Response and Failure of Adhesively Bonded Automotive Composite Structures under Impact Loads


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Virginia Tech


An experimental technique for conducting low speed impact of adhesively bonded automotive composite joints is presented. Based on the use of a modified drop tower, mode I, II, and mixed mode values for critical energy release rate were determined for a composite/epoxy system and used to create a fracture failure envelope. Because load measurements become erratic and unreliable at higher test rates, displacement-based relationships were used to quantify these energy release rates. Displacement data was collected with an imaging system that utilized edge detection to determine displacement profiles, end displacements, and opening displacements where applicable. Because of the resolution of the image-based approach used, determining crack length experimentally was extremely difficult. As a result, numerical methods were developed to objectively determine the crack length based on the available experimental data in mode I, II, and mixed mode I/II configurations.

This numerical method uses a nonlinear fit to determine mode I crack lengths and a theoretical model based on cubic equations for mode II and mixed-mode I/II, where the coefficients of the equations are determined by using both boundary and transition conditions that are a result of the test setup. A double cantilever beam (DCB) geometry was chosen to collect mode I data, an end-loaded split (ELS) geometry was used for mode II, and a single leg bend (SLB) geometry was used for mixed-mode I/II. These geometries were used to determine the fracture characteristics of adhesively bonded automotive composites to create fracture failure envelopes as well as provide mode I, II, and mixed-mode I/II data to be used in finite element models.

The chosen adhesive exhibited unstable, stick-slip crack growth, which resulted in very few data points being collected from each static DCB specimen as well as drastic drops in energy release rate between initiation and arrest points. Unstable growth also created issues in dynamic testing, as data points surrounding these "stick-slip" events were lost due to the insufficient sampling rate of the available imaging system.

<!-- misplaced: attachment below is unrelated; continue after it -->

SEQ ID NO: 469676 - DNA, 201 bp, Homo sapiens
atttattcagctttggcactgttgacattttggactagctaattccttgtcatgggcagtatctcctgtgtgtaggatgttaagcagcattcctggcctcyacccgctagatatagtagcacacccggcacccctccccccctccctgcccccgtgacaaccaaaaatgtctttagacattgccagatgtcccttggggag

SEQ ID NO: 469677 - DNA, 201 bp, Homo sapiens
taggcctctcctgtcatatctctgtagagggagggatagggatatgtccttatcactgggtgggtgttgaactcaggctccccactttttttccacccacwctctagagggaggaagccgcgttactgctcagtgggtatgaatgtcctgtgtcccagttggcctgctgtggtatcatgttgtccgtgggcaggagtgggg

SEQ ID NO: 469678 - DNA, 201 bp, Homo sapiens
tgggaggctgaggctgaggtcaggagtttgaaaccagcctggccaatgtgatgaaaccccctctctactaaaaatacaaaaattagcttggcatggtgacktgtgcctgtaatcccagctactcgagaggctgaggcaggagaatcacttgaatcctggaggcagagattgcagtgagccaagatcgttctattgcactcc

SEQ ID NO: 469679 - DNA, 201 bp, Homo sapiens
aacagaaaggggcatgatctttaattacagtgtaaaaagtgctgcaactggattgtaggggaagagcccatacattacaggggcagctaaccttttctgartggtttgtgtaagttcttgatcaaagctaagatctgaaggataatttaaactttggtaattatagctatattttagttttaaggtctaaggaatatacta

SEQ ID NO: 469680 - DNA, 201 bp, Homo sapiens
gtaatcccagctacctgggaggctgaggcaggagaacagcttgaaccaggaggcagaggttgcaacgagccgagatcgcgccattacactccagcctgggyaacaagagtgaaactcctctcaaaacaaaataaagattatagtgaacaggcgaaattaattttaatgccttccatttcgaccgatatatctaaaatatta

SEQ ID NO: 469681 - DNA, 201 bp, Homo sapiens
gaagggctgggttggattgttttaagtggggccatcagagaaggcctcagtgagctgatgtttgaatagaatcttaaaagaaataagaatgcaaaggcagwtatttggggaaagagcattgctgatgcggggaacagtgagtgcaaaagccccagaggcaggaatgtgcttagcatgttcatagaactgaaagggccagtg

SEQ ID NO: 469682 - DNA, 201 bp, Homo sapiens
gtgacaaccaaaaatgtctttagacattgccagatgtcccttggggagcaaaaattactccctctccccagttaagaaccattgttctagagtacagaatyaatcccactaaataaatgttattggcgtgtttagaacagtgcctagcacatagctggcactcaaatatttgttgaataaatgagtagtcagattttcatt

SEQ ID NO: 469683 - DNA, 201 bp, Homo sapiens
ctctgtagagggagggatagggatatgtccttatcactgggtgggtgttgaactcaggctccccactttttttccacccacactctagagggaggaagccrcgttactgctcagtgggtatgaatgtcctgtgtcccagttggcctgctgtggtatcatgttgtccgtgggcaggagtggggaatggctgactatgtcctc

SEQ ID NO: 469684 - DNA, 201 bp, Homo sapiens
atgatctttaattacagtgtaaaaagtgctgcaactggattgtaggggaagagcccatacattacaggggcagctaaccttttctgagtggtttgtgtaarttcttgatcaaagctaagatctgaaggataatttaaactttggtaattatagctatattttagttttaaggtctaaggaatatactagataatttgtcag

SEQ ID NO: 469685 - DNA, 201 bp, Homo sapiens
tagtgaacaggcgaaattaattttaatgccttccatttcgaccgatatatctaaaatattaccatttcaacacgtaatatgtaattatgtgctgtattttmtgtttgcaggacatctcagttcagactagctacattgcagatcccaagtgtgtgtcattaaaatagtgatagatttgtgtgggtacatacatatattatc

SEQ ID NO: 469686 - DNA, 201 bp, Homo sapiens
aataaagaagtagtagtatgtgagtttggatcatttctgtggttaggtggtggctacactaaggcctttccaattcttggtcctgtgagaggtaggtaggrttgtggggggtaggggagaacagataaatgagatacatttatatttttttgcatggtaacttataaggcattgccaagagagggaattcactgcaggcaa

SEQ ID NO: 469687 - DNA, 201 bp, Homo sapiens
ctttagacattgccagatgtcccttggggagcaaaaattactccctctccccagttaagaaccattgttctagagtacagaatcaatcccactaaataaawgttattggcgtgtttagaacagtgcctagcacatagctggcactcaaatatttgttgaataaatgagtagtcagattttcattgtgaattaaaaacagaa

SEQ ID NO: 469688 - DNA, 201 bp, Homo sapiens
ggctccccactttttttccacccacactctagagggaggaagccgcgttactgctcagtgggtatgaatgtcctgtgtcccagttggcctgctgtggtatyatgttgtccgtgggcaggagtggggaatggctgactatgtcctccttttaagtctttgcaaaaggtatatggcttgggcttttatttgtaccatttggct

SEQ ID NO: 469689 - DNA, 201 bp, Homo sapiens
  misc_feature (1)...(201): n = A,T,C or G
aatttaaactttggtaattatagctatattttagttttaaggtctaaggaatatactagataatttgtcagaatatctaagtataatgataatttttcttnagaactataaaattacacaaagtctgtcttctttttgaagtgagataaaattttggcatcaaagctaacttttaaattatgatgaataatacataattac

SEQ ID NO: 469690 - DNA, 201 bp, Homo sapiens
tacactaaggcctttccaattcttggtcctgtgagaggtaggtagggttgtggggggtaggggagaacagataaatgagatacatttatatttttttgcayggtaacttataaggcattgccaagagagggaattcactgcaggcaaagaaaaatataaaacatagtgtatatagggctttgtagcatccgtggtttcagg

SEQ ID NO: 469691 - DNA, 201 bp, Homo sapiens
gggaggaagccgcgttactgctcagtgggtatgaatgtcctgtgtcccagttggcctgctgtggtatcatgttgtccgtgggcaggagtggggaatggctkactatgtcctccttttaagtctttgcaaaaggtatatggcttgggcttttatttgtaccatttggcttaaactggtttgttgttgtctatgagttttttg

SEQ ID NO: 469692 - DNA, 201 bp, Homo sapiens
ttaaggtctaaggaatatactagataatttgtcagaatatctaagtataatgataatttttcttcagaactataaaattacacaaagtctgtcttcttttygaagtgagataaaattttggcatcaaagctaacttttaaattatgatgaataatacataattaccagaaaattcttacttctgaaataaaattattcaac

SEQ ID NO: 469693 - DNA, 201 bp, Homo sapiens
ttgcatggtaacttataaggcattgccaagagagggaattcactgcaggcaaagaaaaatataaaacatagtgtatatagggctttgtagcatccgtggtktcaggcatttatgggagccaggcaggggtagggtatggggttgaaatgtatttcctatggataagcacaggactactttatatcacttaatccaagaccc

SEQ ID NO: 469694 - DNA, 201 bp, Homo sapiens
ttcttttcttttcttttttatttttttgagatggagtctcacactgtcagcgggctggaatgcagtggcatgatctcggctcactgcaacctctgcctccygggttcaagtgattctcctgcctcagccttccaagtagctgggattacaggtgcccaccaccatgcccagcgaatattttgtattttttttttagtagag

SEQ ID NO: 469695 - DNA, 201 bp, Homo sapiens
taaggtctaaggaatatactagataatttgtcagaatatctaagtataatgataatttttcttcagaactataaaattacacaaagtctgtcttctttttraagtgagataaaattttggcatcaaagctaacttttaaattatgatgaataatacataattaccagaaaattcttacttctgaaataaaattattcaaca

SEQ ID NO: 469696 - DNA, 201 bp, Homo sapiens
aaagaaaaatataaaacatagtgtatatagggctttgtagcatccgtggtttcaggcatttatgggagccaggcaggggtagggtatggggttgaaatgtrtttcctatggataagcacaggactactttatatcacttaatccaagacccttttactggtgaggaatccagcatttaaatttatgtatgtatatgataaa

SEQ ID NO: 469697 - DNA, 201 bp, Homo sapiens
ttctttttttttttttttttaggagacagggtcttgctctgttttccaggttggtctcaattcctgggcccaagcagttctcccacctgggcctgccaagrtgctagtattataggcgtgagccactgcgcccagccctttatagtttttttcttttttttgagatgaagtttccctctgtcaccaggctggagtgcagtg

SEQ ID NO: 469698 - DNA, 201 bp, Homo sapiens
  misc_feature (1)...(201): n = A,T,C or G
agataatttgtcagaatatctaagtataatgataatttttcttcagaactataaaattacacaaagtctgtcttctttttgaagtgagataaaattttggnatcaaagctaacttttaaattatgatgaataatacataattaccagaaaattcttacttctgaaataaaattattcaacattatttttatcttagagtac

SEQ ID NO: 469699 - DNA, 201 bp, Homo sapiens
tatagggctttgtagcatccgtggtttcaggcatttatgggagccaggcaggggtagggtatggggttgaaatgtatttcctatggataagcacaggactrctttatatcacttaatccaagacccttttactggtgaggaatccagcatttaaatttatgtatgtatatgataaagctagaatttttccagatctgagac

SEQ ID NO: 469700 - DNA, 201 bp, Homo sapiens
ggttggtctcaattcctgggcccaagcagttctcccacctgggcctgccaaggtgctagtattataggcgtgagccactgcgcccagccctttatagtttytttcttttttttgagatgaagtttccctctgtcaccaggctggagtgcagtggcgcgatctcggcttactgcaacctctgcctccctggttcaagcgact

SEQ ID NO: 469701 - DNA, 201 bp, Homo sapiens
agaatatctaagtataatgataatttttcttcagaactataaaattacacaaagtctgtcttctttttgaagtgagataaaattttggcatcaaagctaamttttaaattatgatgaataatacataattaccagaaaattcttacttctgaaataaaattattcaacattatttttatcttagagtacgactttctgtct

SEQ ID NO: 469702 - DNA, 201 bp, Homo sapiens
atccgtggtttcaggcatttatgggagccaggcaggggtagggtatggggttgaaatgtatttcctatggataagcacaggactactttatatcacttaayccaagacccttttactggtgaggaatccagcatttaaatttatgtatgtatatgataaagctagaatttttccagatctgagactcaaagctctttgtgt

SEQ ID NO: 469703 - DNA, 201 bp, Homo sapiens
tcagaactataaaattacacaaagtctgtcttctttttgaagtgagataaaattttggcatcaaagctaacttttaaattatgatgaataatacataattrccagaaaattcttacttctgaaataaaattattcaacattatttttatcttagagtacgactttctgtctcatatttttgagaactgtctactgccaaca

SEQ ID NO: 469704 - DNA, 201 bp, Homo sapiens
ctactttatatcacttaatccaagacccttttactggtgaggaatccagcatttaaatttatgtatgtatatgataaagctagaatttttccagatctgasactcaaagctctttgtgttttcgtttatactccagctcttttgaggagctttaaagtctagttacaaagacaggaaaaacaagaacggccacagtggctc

Issues also arose with differences between thick and thin composite adherend specimens. These differences could result from additional curing in thick adherend composite specimens due to the adherends retaining heat. DSC testing was conducted on uncured adhesive using a 2, 5, and 10 minute hold at the cure temperature, and significant additional curing was observed between the two and five minute cures. Due to the difference in relative stiffness between the 12 and 36 ply composite, the local loading rate at the crack tip was lower in the 12 ply adherends, possibly allowing for a larger plastic zone and thus a higher energy release rate. As a result, tests were conducted on 36 ply composite specimens at rates of 1 mm/min and 0.1 mm/min to determine if there were loading rate effects. This testing showed that higher initiation energy relase rates were found at the lower test rate, thus reinforcing the local loading rate theory.

Due to issues with plastic deformation in aluminum adherends, mode II and mixed-mode I/II data were collected using only composite adherends. Only one data point was collected per specimen as the crack propagated directly into the composite after initiating from the precrack, thus multiple tests were conducted to collect sufficient data for constructing a failure envelope.

Once mode I, II and mixed-mode I/II fracture data was collected, a fracture failure envelope was created. This failure envelope, combined with a predetermined factor of safety, could provide some of the necessary tools for design with this adhesive/composite system.



Impact, Mode I, Mode II, Mixed-Mode I/II, Adhesive Joint, Composite, Unstable Growth, Stick-Slip, Fracture